Paralympics for French defence athletes

Fourteen athletes from the French defence ministry are taking part in the Rio 2016 Paralympic Games whose events started yesterday, 8 September. This is an unprecedented rate of participation accounting for 11% of the whole French delegation compared to Beijing 2008 when there was only one impaired athlete from the defence ministry and in London 2012 when there were only five.

The flag carrier and “cheer-leader” in chief is Michaël Jérémiasz, a four times medal winner in wheelchair tennis. Like all the other defence athletes, except for one, Jérémiasz is a civilian contract employee of the defence ministry. The only athlete with a military status is Rémy Boulle who is an air force corporal and a canoeist.

The athletes all come under one of the following three major handicap categories:

  • Physically handicapped : amputees, with lesions to the spinal column, cerebral palsy, etc.
  • Blind and visually impaired
  • Mentally handicapped: significant intellectual alteration indicated by an I.Q. of under 75 detected before the athlete’s 18th birthday.

To compete on a fair basis, the athletes are classified by medical and technical staff who evaluate the impact of their impairment on a given sport. A classification system is thus established for each sport according to its specificities and of the consequences of the handicap on the athlete’s functional capacities in terms of movement, coordination and balance, more than by type of impairment.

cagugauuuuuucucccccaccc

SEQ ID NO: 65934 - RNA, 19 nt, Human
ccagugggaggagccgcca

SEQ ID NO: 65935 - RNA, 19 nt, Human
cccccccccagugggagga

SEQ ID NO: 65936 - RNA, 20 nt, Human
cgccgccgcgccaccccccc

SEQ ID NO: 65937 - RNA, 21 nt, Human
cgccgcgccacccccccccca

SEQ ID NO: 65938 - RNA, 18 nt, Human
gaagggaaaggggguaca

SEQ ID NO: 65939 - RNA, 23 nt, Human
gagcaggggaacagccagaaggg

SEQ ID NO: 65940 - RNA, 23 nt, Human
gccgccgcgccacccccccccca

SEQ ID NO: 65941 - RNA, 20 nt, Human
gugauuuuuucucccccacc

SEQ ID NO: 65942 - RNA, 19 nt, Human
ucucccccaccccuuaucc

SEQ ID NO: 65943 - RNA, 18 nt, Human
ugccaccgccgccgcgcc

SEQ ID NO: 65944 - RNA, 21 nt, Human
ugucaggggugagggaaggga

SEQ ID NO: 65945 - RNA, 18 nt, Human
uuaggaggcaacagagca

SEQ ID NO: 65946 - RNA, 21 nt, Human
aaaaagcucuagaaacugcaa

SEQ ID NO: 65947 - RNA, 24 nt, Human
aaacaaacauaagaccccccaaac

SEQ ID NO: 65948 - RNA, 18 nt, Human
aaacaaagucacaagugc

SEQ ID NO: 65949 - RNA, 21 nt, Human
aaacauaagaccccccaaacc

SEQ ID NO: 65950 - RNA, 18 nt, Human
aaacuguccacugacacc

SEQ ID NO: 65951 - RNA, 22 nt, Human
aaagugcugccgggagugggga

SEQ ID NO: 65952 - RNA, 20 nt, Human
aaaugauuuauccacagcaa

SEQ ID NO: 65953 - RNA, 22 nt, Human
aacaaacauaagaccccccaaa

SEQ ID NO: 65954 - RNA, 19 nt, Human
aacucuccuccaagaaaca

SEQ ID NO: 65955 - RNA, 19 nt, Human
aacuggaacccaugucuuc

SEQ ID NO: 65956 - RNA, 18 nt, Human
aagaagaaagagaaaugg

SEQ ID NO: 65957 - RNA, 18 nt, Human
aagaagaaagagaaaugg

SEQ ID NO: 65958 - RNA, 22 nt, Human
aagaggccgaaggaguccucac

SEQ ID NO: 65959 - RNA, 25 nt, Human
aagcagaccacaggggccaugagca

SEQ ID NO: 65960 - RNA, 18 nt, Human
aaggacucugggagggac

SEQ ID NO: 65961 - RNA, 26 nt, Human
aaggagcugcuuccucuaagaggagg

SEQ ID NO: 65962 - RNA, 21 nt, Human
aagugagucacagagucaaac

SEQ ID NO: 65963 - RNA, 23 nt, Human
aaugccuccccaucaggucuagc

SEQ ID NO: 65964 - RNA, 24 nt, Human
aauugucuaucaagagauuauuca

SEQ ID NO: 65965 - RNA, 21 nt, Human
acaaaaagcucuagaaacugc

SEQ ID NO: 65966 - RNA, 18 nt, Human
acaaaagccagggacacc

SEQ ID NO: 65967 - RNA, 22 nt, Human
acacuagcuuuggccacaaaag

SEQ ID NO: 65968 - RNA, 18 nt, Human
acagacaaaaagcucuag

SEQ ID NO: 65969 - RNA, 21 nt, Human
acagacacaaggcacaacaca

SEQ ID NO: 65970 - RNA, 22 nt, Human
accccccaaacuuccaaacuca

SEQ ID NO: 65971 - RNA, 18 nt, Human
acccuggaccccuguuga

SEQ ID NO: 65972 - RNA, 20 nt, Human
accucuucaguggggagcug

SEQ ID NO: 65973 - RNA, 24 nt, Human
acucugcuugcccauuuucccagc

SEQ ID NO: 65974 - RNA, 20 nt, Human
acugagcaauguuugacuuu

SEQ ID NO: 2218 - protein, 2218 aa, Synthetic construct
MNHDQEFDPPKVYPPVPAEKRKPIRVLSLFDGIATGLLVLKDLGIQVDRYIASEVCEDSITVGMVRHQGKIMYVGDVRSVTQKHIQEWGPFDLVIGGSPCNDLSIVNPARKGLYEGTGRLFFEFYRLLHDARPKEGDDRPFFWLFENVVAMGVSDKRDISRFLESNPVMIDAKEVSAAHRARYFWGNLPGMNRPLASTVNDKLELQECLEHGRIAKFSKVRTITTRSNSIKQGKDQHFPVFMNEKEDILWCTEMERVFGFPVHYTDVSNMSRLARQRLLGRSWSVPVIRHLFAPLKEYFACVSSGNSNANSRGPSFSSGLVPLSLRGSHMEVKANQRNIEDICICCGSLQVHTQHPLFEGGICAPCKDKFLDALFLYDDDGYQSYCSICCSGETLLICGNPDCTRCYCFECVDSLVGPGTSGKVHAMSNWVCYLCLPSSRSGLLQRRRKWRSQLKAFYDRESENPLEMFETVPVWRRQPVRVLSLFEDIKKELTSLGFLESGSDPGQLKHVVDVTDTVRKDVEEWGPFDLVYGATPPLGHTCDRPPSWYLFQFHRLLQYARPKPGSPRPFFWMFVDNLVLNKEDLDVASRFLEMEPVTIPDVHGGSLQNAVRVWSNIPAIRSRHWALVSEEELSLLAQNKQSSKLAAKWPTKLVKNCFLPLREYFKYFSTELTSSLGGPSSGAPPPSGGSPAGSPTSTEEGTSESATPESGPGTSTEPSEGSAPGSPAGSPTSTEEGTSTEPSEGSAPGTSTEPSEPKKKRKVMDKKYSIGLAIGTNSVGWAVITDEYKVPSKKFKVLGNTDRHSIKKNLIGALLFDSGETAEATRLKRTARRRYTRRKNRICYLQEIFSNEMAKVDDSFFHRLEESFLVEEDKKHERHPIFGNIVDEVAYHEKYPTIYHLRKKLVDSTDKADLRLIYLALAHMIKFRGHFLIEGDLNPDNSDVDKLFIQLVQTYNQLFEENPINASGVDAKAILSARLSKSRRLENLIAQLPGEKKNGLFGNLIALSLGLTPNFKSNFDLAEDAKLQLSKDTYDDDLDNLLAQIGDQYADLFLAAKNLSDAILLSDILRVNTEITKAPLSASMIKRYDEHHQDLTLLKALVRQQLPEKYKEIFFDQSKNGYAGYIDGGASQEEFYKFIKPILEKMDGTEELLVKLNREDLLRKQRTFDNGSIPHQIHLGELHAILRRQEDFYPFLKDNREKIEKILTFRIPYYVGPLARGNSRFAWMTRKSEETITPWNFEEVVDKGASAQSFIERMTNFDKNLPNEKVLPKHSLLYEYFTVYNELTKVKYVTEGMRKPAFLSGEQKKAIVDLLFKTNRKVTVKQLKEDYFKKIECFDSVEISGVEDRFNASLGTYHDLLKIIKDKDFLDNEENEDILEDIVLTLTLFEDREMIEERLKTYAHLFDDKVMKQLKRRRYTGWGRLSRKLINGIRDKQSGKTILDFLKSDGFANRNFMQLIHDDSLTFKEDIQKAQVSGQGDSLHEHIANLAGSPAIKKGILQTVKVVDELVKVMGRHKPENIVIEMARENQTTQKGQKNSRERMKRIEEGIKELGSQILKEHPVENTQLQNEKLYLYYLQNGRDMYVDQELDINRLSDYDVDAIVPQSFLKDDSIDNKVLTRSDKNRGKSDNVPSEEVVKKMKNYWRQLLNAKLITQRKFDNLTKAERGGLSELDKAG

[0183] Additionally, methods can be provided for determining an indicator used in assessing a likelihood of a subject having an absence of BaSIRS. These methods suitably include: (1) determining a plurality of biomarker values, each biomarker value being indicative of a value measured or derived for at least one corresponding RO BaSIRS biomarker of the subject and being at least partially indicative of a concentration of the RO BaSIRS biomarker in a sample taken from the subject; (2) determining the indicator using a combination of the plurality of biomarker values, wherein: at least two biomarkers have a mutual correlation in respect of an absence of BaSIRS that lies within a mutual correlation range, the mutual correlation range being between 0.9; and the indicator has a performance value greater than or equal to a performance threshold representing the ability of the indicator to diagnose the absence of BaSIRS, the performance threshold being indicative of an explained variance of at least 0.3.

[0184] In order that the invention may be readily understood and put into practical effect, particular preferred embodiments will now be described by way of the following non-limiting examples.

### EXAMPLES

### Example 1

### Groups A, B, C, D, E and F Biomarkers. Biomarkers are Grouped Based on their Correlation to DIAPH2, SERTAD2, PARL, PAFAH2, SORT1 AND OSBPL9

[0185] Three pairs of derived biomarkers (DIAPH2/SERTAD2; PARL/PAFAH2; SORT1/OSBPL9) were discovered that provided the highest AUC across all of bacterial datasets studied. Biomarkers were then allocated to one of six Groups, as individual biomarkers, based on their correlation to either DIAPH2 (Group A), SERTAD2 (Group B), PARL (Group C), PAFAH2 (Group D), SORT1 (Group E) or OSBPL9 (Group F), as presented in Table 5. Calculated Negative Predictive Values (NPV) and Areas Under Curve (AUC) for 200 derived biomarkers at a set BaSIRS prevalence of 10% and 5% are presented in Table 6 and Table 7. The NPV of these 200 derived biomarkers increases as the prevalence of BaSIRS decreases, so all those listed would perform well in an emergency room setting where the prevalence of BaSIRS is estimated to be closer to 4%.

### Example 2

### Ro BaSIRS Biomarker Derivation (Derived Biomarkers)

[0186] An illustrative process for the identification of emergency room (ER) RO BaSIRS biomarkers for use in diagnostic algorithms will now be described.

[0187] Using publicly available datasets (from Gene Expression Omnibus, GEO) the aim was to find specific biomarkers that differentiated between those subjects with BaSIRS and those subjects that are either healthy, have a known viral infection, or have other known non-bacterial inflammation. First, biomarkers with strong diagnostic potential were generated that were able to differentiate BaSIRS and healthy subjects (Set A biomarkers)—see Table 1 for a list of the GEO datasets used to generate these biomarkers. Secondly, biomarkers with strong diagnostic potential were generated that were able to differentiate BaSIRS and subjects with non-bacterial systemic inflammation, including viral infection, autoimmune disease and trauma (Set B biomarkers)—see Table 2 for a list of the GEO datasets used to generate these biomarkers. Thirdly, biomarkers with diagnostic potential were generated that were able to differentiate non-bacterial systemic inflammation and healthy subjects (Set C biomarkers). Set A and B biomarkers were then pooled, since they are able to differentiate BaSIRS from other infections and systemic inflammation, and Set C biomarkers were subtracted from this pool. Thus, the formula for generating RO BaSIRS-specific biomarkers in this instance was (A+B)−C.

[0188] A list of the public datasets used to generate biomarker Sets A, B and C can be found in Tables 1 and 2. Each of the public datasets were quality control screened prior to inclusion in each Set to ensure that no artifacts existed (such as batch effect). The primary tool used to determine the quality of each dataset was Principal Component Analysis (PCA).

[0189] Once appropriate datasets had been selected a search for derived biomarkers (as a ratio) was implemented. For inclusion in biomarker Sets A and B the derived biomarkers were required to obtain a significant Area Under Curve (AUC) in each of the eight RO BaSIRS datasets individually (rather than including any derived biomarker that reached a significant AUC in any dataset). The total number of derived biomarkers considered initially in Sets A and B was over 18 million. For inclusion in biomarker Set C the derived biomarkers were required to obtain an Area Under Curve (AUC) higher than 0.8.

Categories are designated by a letter, generally the initial of the sport  (S for swimming, T pour track for example) and a figure from 1 (the heaviest handicap) to 10 (the lightest).

Deaf or hard of hearing athletes do not take part in the Paralympic Games. They come under the aegis of the International Committee of Sports for the Deaf (ICSD) which organises the Deaflympics, the next edition of which will be held from 17-21 July 2017 in Samsun, Turkey.

Here is the list of the French Rio 2016 Paralympic Defence athletes, their events and their handicap category:

 

Michaël Jérémiasz, 34 ans, tennis fauteuil, simple et double. Il a gagné la médaille d'or en double à Beijing en 2008, Champion du monde par équipe en 2016, 2012 et 2009. (Crédit photo: FTTennis)

Michaël Jérémiasz, 34, wheelchair tennis, singles and doubles. He won the Olympic gold medal in Beijing in 2008, and the team World Championships in 2016, 2012 and 2009. A skiing accident in 2000 left him paraplegic. (Photo credit: FFT)